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Wikipedia says that Telstar 1 was put into a 952 x 5933, 2.6 hour 44.8° MEO orbit but doesn't really say exactly why this particular orbit was selected.

Did it perhaps behave roughly like a Molniya orbit?

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The orbit was chosen as a tradeoff between communication capabilities and the available performance of the launch vehicle.

Study of available boosters led to the Delta configuration of the Thor as the simplest and most reliable rocket for these purposes. Its relatively limited lifting capacity set a bound of about 180 pounds for a useful orbit. This was established as: apogee 3450 miles, perigee 575 miles, inclination to equator 45 °. The apogee is high enough to give good mutual visibility between northeastern United States and western Europe. Calculations for a working worldwide system indicate the desirability of circular orbits at 6000-8000 mile elevations; however, these were not achievable with the Delta vehicle.

Source: The Telstar Experiment, included in NASA SP-32 Volume I

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    $\begingroup$ I see, not just the apogee's altitude, but its location above 45° north latitude between the two "customers". And since it was essentially a short-lived demonstration/test, no need to worry about managing precession like the Molnya orbit. $\endgroup$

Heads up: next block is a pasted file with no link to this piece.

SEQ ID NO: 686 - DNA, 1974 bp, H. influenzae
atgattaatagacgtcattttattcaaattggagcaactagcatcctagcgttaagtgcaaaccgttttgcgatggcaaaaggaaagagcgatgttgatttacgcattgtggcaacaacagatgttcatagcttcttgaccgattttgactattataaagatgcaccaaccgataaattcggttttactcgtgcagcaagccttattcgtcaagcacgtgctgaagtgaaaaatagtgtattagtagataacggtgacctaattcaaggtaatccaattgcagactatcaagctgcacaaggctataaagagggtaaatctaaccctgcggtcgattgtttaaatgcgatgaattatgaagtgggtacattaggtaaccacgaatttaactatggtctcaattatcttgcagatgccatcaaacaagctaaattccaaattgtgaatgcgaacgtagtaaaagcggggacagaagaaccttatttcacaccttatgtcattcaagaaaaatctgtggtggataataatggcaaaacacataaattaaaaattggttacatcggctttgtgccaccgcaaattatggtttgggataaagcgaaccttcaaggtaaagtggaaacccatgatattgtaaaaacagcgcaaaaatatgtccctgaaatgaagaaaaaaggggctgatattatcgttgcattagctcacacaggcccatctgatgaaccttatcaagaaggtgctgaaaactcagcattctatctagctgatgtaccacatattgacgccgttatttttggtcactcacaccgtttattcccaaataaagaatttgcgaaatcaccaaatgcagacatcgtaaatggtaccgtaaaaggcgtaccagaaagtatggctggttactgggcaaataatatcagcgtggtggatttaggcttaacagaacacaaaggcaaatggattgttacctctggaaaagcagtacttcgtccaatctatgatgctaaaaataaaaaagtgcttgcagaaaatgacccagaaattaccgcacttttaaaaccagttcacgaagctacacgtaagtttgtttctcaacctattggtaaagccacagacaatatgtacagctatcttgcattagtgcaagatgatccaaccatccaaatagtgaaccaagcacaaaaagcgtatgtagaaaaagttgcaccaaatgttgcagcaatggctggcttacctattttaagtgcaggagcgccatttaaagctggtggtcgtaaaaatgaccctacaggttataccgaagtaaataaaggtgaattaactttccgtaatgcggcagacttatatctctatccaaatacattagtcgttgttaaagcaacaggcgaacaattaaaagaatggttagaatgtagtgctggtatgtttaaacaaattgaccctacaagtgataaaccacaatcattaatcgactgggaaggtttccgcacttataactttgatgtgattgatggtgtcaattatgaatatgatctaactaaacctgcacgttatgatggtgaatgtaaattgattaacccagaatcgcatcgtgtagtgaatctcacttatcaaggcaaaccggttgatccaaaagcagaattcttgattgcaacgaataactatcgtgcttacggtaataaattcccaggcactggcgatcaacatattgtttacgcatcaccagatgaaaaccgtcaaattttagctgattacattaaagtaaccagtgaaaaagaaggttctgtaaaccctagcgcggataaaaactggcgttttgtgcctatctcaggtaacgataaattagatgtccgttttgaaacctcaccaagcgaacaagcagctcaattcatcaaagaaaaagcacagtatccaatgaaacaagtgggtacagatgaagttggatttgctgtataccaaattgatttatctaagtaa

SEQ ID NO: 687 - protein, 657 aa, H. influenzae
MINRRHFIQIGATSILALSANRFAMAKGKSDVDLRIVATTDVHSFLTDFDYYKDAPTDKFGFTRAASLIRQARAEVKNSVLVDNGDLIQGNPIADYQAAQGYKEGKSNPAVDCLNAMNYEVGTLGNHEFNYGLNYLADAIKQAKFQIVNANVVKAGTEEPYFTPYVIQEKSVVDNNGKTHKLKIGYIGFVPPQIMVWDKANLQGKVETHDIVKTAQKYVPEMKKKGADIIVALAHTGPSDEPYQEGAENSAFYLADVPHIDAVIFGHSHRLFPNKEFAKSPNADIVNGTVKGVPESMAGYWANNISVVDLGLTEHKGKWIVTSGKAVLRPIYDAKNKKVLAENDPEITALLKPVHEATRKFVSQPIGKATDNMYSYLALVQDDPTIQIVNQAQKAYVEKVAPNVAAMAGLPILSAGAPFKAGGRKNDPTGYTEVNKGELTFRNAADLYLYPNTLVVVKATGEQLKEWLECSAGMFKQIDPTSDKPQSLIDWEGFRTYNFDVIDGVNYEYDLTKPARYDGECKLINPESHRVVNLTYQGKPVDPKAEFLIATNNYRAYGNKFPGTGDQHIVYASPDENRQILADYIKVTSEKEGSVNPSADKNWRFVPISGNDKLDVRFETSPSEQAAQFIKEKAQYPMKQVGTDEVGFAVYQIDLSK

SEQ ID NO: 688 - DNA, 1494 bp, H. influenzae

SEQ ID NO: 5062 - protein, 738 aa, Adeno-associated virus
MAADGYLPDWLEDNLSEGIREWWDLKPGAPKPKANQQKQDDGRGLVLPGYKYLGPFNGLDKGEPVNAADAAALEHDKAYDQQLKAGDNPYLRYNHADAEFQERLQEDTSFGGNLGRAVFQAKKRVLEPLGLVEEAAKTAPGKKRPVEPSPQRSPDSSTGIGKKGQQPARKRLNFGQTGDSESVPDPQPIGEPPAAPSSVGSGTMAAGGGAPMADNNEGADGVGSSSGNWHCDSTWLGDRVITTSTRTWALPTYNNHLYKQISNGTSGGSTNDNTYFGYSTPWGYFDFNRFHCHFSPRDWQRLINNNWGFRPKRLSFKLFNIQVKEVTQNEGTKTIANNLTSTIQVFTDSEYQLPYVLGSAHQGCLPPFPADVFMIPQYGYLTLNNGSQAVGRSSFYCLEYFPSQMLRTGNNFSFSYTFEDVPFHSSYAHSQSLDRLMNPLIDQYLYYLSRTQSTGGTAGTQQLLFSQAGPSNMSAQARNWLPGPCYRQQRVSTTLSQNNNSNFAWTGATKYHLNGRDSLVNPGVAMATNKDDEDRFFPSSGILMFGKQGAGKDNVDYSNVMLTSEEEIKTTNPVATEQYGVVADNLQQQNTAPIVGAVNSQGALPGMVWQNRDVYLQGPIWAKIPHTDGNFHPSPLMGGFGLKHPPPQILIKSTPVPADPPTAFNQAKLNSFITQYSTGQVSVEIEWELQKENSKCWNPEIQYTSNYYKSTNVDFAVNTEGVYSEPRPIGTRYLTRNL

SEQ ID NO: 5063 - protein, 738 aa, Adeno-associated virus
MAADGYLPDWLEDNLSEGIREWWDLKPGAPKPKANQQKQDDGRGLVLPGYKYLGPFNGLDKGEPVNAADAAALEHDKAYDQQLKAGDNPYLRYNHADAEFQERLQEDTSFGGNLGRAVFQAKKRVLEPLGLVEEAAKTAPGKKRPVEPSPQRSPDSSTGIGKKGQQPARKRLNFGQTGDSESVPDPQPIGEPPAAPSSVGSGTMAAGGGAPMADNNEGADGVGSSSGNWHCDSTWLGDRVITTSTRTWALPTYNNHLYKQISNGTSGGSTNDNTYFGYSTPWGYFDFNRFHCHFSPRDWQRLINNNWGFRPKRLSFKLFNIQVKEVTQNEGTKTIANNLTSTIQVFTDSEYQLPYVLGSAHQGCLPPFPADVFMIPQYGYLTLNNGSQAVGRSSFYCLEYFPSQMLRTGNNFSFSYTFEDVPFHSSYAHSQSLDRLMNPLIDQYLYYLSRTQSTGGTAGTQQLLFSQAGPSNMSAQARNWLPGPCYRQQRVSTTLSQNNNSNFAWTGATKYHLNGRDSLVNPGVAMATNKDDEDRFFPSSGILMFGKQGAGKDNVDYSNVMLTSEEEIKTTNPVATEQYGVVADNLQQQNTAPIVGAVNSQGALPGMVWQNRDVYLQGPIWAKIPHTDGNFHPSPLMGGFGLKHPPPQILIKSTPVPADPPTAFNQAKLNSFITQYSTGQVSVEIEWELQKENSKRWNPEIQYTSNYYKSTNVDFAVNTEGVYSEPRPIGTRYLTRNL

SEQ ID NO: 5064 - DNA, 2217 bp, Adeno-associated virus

– uhoh
    Dec 10, 2021 at 21:23
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    $\begingroup$ @uhoh you'd probably enjoy a read through SP-32. $\endgroup$ Dec 10, 2021 at 21:24
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    $\begingroup$ Perfect! It's 5:30 AM, I got up to check for clear skies to see comet Leonard but no luck so I've got some nice, quiet reading time ahead of me this morning. $\endgroup$
    – uhoh
    Dec 10, 2021 at 21:28
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    $\begingroup$ update: Oh I see what you mean! You've linked to volume I above and volume II here and both are just chock-full of detailed discussions and photos! $\endgroup$
    – uhoh
    Dec 10, 2021 at 21:39
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    $\begingroup$ There is a longer discussion of the orbital choice in the 2nd chapter, but it boils down to what I posted. BTW, there is a volume 3 as well. ntrs.nasa.gov/api/citations/19640001170/downloads/… $\endgroup$ Dec 10, 2021 at 21:42

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